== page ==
In late May, the Pennsylvania Department of Agriculture announced the discovery of a positive for Chronic Wasting Disease in a white-tailed deer on a hunting preserve in Warren County. That has led the Pennsylvania Game Commission to establish a new Disease Management Area in the county.
Per PDA’s regulations, the hunting preserve was depopulated and will be under quarantine for a period of five years. Testing did not reveal any further positive cases. Contract tracing is being performed to determine if any further quarantines are needed.
CWD affects members of the deer, or cervid, family, and the disease always is fatal to the deer and elk it infects.
In response to the new case of CWD, the PGC set up DMA 5, denoting that it is the fifth such DMA created in the state. The new DMA covers 212 square miles and is entirely within Warren County. The northern border runs along 18 miles of the New York state line from Busti Road to the western bank of the Allegheny River. The southern border of the DMA roughly follows Route 6 between Youngsville and the Allegheny River at Warren.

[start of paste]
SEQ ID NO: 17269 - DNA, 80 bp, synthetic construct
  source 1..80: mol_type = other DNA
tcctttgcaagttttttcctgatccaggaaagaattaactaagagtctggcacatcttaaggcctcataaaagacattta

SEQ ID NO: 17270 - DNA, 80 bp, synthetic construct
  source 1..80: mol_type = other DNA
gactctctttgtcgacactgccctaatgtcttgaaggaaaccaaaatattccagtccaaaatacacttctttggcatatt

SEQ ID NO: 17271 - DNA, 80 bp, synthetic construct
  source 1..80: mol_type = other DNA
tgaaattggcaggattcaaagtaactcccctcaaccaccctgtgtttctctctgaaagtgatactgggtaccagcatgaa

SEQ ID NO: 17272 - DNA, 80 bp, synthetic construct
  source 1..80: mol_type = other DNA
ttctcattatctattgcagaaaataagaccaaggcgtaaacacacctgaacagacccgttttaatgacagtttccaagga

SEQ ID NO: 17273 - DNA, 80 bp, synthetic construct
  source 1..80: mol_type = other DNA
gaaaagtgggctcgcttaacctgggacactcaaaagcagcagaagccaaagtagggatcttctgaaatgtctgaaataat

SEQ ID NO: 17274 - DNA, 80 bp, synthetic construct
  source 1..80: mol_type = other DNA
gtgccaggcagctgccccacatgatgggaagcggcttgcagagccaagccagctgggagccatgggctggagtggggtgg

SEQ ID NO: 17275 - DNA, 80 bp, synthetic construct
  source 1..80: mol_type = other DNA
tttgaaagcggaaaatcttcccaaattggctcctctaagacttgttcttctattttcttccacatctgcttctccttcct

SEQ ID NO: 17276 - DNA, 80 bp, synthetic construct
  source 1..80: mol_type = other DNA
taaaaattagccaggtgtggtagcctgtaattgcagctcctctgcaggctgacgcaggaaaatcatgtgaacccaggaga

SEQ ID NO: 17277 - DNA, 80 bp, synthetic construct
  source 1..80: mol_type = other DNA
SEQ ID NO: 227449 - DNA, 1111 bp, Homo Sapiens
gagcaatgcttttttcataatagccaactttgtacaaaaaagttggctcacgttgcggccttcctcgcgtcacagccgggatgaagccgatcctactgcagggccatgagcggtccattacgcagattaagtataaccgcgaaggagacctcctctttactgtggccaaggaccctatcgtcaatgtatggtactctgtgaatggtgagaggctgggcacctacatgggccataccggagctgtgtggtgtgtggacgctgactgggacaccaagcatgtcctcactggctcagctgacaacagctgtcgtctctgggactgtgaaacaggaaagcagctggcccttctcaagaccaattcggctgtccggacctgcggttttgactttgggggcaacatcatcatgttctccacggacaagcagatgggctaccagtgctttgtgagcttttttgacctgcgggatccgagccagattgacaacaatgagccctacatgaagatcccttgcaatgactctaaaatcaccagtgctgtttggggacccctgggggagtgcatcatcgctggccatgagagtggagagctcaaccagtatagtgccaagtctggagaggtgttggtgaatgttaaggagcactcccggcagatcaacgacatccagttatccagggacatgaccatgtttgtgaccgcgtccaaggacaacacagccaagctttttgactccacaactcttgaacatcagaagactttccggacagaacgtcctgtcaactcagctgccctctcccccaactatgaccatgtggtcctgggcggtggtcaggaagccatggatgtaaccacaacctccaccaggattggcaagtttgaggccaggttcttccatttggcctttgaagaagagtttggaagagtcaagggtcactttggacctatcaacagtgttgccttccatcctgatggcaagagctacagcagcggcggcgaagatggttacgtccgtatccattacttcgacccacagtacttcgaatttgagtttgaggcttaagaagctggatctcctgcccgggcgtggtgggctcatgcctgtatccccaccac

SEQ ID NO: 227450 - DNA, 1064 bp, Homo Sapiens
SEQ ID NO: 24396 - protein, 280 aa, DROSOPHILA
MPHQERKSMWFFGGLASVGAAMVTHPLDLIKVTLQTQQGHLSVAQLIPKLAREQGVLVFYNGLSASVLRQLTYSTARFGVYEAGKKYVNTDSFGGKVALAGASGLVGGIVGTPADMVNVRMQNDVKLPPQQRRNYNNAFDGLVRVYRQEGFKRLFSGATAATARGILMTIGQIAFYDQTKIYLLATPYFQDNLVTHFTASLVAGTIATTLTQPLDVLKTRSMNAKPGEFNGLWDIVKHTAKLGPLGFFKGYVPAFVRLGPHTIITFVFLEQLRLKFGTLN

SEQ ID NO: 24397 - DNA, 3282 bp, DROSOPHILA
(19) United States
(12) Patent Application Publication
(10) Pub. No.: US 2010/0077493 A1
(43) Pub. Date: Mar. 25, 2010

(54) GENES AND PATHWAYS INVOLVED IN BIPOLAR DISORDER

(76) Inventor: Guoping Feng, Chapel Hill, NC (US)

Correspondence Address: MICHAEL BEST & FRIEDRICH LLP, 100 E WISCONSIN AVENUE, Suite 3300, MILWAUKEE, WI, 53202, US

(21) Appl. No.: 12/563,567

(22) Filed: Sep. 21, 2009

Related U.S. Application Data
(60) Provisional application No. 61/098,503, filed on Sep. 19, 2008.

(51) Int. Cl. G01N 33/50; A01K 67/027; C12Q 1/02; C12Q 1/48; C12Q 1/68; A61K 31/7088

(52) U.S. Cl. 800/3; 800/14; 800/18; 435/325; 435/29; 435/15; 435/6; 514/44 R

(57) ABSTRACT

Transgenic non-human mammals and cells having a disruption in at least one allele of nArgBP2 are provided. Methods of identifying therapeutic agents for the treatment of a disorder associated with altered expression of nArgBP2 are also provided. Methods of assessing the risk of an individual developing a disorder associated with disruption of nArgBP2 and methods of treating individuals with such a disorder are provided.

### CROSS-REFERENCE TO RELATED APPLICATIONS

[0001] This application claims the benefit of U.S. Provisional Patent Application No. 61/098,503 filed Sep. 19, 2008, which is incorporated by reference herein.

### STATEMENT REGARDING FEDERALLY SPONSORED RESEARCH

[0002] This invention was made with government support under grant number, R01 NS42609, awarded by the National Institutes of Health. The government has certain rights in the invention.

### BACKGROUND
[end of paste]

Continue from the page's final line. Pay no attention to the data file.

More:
Within a DMA, it is unlawful to remove or export any high-risk parts of deer, use or possess cervid urine-based attractants, feed wild deer or rehabilitate wild deer. It is already illegal to feed elk in all parts of the state.
Those planning to hunt or take deer within a DMA need to follow the regulations for the upcoming deer season. Deer carcasses cannot be moved outside the DMA with high-risk parts attached. High-risk parts include: the head (including brain, tonsils, eyes and any lymph nodes); spinal cord/backbone; spleen; and any parts with brain or spinal tissue present. The PGC offers free CWD testing within all DMAs. While there is no evidence of CWD being documented in humans, the Centers for Disease Control and Prevention does not recommend consuming the meat of a CWD-positive animal.